As for the comment that Peace is not the same as Peace in the past, many people claim that this is true and there is evidence to support this claim. Overtime rose varieties slowly degrade because of mistakes made and mutations that occur when they are grafted millions of times over the last 3/4 century. This is a topic for another conversation.

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Wow, Jason… thanks for your in depth response. Sorry it took me a while to respond… life, you know?

My problems MAY be insufficient winterization, because coming from Las Vegas I’m not used to MAJOR mulching over the whole bed. I have protected new plantings and such, but never had issues with established bushes. Secret was not protected… didn’t know she was so susceptible! Dang… I’ll get another… she’s a favorite.

As for the other two, I had purchased two bare root Firefighters when we planted the first rose beds in 2020. Both FFs were questionable; I dug one up and put it in a pot to nurse it… to no avail. This one in the ground was just never hearty either. I think that had a lot to do with why it failed in the double freezes. Too bad… a nice rose with great fragrance!

Kardinal was also a strange bush. I grew it in Las Vegas, where one spring at dead-heading time, it was SO FULL of blooms I decided to count them as I cut them off. I cut 111 Blooms… from ONE bush. Amazing. This bush in Georgia was not the same in any respect. It was spindly and gangly, medium sized blooms, and just not a pretty bush. It had some discoloration on the canes that I had never seen before… not really purple, but greys, pinks, etc. I think it had some kind of disease that rendered it susceptible to the cold winter.

It wasn’t dying, necessarily, but it needed to go bye-bye. I found another red that might have promise: Let Freedom Ring… does anyone grow that one?

ON THE pH FRONT: We’ve had soil tests through the extension services, each year since we built the rose beds. 1st year: 6.7, Native soil, before we had added roses or any soil amendments, fertilizers, etc. (I was impressed, coming from Nevada where that reading would have been 7.5 at least! I dumped sulphur on my rose beds in Las Vegas twice a year to lower the pH!)

2nd and 3rd years were 6.4 and 6.6; 4th yr squeaked up to 6.7. All of this is with no lime or sulphur adjustments. Another question here: Do the hand-held pH meters work adequately? I think one would be handy, but don’t want to spend the $$$ unless they WORK! Your thoughts?

Wow… I’ve prattled on, but I sure appreciate this forum to ask questions and gain knowledge about rose-growing! Thanks, Jason, for all your input… and I welcome any other contributors on these topics!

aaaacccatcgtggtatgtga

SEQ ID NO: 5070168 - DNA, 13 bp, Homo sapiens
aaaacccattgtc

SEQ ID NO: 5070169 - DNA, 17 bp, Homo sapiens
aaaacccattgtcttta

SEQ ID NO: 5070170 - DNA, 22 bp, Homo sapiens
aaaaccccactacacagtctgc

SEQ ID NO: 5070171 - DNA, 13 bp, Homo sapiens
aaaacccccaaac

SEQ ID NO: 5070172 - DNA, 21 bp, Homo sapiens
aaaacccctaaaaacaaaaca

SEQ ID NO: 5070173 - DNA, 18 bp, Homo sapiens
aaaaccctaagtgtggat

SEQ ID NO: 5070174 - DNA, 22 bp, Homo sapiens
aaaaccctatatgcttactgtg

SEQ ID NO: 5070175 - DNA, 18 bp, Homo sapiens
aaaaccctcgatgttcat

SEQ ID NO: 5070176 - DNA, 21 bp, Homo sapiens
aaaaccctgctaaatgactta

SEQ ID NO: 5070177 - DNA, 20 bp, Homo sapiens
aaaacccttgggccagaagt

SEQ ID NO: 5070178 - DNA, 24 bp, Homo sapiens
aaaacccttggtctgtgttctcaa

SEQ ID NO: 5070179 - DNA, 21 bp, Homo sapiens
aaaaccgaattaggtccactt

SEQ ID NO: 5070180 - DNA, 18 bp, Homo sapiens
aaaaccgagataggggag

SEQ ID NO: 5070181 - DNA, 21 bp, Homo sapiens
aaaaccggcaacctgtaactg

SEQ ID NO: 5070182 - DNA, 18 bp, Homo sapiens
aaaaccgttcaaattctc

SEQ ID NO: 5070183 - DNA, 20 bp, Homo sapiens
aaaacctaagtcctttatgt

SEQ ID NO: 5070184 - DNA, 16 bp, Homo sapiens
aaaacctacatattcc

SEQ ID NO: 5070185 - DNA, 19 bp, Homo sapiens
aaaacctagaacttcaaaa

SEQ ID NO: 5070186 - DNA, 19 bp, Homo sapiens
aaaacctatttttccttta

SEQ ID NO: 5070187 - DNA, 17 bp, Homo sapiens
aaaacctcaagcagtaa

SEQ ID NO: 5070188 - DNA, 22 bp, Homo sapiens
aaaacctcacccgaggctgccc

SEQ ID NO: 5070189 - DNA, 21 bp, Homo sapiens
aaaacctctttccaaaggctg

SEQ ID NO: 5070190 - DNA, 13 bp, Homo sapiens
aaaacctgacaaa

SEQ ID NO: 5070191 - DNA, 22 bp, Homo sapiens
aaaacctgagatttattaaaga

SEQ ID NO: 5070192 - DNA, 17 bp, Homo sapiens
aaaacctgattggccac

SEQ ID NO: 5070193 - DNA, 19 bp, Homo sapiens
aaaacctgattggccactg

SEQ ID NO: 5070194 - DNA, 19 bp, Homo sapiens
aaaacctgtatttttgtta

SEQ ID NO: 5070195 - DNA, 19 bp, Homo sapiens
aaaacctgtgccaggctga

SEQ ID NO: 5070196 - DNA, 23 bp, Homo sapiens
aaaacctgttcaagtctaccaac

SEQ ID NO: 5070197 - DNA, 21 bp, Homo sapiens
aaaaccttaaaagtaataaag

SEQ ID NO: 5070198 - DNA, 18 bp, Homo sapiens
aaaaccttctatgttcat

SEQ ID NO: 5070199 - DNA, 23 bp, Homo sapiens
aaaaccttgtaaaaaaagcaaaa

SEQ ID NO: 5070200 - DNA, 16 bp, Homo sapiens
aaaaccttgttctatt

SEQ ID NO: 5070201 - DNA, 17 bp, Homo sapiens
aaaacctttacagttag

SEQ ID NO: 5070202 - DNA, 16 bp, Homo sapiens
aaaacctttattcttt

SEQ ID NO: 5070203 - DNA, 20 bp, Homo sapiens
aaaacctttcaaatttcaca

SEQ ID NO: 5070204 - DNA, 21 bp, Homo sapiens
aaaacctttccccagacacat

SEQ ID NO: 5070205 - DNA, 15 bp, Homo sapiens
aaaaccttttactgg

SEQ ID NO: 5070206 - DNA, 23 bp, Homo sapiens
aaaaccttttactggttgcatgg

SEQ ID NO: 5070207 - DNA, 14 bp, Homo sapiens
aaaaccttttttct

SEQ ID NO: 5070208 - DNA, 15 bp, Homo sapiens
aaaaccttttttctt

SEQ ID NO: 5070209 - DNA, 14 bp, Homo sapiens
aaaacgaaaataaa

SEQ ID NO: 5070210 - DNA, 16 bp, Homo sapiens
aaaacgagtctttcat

Jill Barnard

Jill, I live in Peachtree City, GA and have experienced all of the DA problems you describe. I believe DA is working on creating more disease resistant roses and Olivia Rose Austin is touted as one of them. This will only be its second year in my garden so we’ll see. The others that do the best for me are Princess Alexandra of Kent, Carding Mill, Lichfield Angel, and The Dark Lady. Unfortunately, all must be sprayed but they have great blooms and great re-bloom!.

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Thanks, Cindy, from Peachtree City! We’re headed there tomorrow for an airplane show… not necessarily an “air show”… just the planes. They have one of the only restored planes that my Dad conducted pilot lessons in just prior to WWII in California.

Funny you should mention Olivia Rose Austin, because that’s one I read about and had my eye on after I planted the whole garden. It’s still on my “wish list”, but I hesitate to get more DAs… so I’m happy to hear your positive comments about her. Can she hold her head up in the vase? And can she hold onto her petals for 4-5 days in the vase? (My tough criteria!)

Interesting that Carding Mill is on several “good” lists! Mine should be in fabulous form this year… looking forward to that!

Thanks again,
Jill

Unfortunately can’t tell you much about the blooms. My first year ones were few and unremarkable but that’s often the case. Have seen fabulous blooms from others so I have high hopes for this year.

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In my humid Birmingham, Alabama garden, I grow Queen of Sweden, The Alnwick rose (Alnwick Castle), Carding Mill, Sophy’s Rose, Boscobel, and Munstead Wood. These all do well for me, but they do need to be sprayed. I don’t think you can get Munstead Wood easily anymore. David Austin has retired it. I also just planted a new rose, Elizabeth, so I am looking forward to seeing how it does. All of these are fairly prolific bloomers for me, especially Sophy’s Rose. I used to have Olivia Rose Austin, and the first bloom of the year was breathtakingly beautiful, but after that, the blooms were far between, small, and washed out, so I gave it away. I do love these that I have.

Cindy,
How has Olivia Rose Austin been for you? I just bought that rose for my hubby for Father’s Day. I don’t plan on spraying it unless I see it is necessary. Now I need to dig that bed! Better get to work digging tomorrow. Thanks for any information you have to share!

Mine is only starting its second year. It is a fabulous grower, putting out long canes but very few blooms last year. I was disappointed because it didn’t look like all these fabulous photos I was seeing of big sprays. I think it was an own root plant so it will take a couple more years to reach its prime and I’m prepared to give it that. Cannot really speak to disease resistance since I sprayed it.

I have tried Jude The Obscure and Munstead Wood. Jude grows well but doesn’t bloom that much and blooms are too heavy for the stems usually. Great fragrance, but the blooms never truly open no matter if it is hot or cold outside. Cut blooms for the house actually close up rather than open up. Munstead Wood is an ungainly plant and mine has not shown much fragrance at all.

Both are being introduced to the shovel as soon as my Regan order arrives in the next few weeks. I tried them for three growing seasons and perhaps I won’t try any more Austins (although Lady of Shallot may be a future exception).

Lady of Shallot on Fortuniana rootstock and no spraying is doing well for me near Gainesville Fl. And its blooms are held upright.

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Sharifa Asma, Munstead Wood,Lady of Shalott,Jubilee Celebration, Abraham Darby and Olivia rose are beautiful here in my place near Atlanta. Golden Celebration and Desdemona not so much…Then I have a bunch of Abraham Darby as a parent and they all are doing great here!

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Ugh… with Abraham Darby as a parent, I would be very wary of these roses as Abe is a BS magnet in my climate.



‘Olivia Rose Austin’ was the Members Choice rose a few years ago. I really grows well my PNW yard. Quite resistant to fungal diseases that our wet climate is known for.